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The Up-Sell is seen most often when a purchaser is persuaded to buy more, bigger, and better. It is used to add on to the base purchase, as we are more likely to buy from a vendor after we have bought something from them initially.


One example is the “do you want fries with that?” line from the Add-On tactic. However, the Up-Sell is generally distinguished by an order of magnitude. “I see you looking at the Armani at $1,000, for just a bit more at $3,000 you can have a much more durable and stylish Zegna.” Or, “I know you like the Toyota Corolla, but the Camry Hybrid has so much more to offer.” We are familiar with the product up-sell, but it can apply to services as well. Consider the following: Telecom Company: “I see you are over your data plan this month, we can double your data for only a little extra over what you are paying now.” Consumer: “I never go over my data plan, and have not done for the previous 12 months.”Telecom Company: “But if you look at the trend, you are using more and more each month, and you will get charged $20 per gigabyte over.”Consumer: “Well, I guess I can go do that.” Consumer Alternative: “I can manage my usage better, and $20 is nothing compared to an annuity for your company.”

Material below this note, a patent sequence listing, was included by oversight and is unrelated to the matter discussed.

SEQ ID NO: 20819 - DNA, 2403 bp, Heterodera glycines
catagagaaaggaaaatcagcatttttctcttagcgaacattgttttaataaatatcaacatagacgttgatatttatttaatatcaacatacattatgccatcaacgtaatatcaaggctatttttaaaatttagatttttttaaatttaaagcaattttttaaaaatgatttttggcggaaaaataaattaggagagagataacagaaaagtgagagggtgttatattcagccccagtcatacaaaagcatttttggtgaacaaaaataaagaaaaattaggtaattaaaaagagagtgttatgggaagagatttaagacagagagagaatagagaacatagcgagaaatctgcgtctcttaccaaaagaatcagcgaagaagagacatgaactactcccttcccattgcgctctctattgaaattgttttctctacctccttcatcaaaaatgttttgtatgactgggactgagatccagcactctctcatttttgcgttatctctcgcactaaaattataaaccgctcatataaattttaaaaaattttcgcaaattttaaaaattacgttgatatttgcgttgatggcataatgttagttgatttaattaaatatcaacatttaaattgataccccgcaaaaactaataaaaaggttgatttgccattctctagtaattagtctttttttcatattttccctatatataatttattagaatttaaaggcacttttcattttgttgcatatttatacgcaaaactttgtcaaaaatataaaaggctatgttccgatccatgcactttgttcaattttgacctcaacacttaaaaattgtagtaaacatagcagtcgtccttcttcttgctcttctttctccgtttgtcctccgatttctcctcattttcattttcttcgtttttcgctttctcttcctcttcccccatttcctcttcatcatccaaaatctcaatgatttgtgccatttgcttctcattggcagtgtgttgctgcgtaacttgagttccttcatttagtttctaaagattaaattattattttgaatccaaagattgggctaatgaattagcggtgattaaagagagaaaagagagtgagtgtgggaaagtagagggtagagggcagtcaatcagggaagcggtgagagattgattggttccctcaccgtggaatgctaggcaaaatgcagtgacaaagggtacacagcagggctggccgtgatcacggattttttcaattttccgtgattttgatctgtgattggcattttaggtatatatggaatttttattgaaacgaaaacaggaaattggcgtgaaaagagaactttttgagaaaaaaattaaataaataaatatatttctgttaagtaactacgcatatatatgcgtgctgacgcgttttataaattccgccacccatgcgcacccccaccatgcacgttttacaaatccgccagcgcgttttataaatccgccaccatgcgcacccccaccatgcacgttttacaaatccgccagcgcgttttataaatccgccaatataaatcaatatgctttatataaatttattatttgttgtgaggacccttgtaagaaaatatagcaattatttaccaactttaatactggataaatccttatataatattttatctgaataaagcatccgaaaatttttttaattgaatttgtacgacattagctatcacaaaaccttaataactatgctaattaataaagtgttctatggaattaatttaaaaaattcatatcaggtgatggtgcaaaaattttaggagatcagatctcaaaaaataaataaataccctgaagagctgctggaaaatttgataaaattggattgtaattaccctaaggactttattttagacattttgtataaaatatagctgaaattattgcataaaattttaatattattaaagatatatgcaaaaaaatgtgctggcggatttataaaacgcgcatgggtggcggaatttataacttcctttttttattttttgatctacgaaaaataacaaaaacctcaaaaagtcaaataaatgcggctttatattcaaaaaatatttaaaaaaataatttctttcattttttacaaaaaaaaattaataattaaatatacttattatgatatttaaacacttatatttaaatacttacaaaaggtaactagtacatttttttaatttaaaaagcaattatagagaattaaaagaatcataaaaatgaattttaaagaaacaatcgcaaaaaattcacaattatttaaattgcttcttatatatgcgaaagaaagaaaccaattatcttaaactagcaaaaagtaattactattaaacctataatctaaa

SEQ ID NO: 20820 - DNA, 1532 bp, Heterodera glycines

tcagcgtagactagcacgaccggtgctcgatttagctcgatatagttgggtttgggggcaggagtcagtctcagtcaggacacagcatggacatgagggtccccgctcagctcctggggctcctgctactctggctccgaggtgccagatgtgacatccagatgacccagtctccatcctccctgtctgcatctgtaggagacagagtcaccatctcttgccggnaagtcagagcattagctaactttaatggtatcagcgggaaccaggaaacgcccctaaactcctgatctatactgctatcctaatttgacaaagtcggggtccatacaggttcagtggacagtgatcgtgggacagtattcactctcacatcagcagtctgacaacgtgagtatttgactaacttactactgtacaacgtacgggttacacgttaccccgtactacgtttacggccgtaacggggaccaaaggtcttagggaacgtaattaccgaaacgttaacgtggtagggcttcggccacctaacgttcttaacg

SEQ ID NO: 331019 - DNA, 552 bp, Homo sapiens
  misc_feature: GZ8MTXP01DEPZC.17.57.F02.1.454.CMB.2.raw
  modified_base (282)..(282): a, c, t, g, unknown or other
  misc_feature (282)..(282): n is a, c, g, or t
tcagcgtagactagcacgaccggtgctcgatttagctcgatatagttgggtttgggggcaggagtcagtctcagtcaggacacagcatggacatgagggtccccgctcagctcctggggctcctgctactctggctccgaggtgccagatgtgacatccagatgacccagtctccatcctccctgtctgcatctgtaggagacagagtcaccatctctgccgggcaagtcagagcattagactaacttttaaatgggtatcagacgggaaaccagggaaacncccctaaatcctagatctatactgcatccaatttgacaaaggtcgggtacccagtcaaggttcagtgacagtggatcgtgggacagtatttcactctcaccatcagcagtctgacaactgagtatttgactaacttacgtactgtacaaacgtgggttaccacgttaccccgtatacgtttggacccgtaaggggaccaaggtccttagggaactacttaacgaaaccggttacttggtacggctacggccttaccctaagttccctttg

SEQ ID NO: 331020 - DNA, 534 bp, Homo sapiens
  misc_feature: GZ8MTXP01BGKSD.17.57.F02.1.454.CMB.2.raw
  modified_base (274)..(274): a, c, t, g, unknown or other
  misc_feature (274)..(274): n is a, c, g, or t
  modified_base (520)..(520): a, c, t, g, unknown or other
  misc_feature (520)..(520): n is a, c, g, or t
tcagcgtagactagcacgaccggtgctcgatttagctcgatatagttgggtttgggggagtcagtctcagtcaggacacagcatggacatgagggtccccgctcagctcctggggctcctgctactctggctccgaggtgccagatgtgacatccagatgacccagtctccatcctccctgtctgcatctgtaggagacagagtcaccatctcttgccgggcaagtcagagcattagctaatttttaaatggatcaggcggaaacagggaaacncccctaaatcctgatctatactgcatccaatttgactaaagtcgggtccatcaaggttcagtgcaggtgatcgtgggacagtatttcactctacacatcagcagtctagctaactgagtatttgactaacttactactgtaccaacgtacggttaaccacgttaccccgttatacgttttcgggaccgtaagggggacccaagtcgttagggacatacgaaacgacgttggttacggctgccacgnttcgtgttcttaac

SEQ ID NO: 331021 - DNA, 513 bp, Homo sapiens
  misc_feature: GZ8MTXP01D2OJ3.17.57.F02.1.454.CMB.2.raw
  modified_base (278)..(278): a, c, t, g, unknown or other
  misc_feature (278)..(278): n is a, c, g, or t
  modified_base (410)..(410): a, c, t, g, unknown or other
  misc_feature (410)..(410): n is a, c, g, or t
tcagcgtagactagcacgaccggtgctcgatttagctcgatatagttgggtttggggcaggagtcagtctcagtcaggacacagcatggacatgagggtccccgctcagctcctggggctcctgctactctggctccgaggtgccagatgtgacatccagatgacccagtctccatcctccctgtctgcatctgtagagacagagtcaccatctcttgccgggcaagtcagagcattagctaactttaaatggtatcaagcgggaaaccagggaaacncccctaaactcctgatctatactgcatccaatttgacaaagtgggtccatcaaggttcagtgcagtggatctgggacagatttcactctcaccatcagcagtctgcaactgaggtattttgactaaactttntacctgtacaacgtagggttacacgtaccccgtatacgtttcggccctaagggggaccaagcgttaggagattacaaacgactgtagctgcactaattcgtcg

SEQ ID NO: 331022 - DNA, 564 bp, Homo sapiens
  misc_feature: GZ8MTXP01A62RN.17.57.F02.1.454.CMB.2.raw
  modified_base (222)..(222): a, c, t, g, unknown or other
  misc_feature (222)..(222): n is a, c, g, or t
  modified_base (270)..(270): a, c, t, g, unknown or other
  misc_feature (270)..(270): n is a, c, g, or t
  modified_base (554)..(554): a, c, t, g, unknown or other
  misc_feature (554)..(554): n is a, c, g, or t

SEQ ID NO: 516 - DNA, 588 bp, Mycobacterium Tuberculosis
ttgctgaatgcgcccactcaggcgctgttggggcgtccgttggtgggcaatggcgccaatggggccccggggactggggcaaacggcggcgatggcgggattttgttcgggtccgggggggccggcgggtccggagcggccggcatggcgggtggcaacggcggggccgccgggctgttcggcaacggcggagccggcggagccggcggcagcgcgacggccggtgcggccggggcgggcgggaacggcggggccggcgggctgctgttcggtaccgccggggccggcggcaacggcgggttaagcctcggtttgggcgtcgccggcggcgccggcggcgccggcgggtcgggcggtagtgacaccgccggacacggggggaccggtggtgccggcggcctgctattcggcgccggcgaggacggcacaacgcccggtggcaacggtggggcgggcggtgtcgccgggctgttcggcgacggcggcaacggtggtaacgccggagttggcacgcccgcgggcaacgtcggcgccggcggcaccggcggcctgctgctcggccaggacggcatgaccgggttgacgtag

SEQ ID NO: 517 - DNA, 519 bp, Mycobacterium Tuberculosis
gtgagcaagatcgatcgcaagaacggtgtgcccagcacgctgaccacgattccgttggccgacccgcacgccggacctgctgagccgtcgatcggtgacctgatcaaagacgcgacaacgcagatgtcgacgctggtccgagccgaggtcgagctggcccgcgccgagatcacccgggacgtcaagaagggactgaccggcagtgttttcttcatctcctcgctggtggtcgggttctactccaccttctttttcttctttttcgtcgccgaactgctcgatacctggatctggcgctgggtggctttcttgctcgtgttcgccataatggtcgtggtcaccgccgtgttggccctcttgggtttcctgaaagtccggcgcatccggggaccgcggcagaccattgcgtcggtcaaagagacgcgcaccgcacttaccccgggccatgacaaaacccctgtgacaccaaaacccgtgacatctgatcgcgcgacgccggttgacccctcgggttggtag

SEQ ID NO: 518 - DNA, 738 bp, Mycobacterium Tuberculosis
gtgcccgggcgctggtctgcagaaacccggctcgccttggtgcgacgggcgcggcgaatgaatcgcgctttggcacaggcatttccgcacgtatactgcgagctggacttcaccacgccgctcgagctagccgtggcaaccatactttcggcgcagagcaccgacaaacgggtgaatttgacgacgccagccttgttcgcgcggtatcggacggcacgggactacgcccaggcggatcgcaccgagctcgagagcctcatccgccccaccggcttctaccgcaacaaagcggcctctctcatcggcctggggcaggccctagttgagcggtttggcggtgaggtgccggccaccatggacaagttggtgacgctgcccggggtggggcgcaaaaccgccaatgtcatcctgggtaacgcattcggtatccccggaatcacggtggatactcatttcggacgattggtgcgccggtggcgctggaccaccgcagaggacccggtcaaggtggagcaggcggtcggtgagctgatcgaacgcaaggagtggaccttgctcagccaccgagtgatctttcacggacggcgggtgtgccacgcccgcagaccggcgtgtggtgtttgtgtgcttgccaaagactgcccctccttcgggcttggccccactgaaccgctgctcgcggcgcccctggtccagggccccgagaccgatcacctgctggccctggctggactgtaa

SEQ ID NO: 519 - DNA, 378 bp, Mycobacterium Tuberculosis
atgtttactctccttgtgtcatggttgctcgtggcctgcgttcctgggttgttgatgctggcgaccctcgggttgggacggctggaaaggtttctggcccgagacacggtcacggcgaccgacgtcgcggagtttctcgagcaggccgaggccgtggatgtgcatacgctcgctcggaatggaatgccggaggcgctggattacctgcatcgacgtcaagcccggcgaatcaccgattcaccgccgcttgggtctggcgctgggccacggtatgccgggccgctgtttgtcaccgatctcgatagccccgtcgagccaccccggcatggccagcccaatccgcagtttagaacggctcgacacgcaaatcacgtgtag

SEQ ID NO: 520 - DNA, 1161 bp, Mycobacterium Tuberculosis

To handle an upsell, get Zen. Less is more. Create, do not consume. Stick to a strategy based on your needs and requirements, not your fantasies. No upsell will bring you to self-actualization. And do not hesitate to simply say, “No, thank you.”

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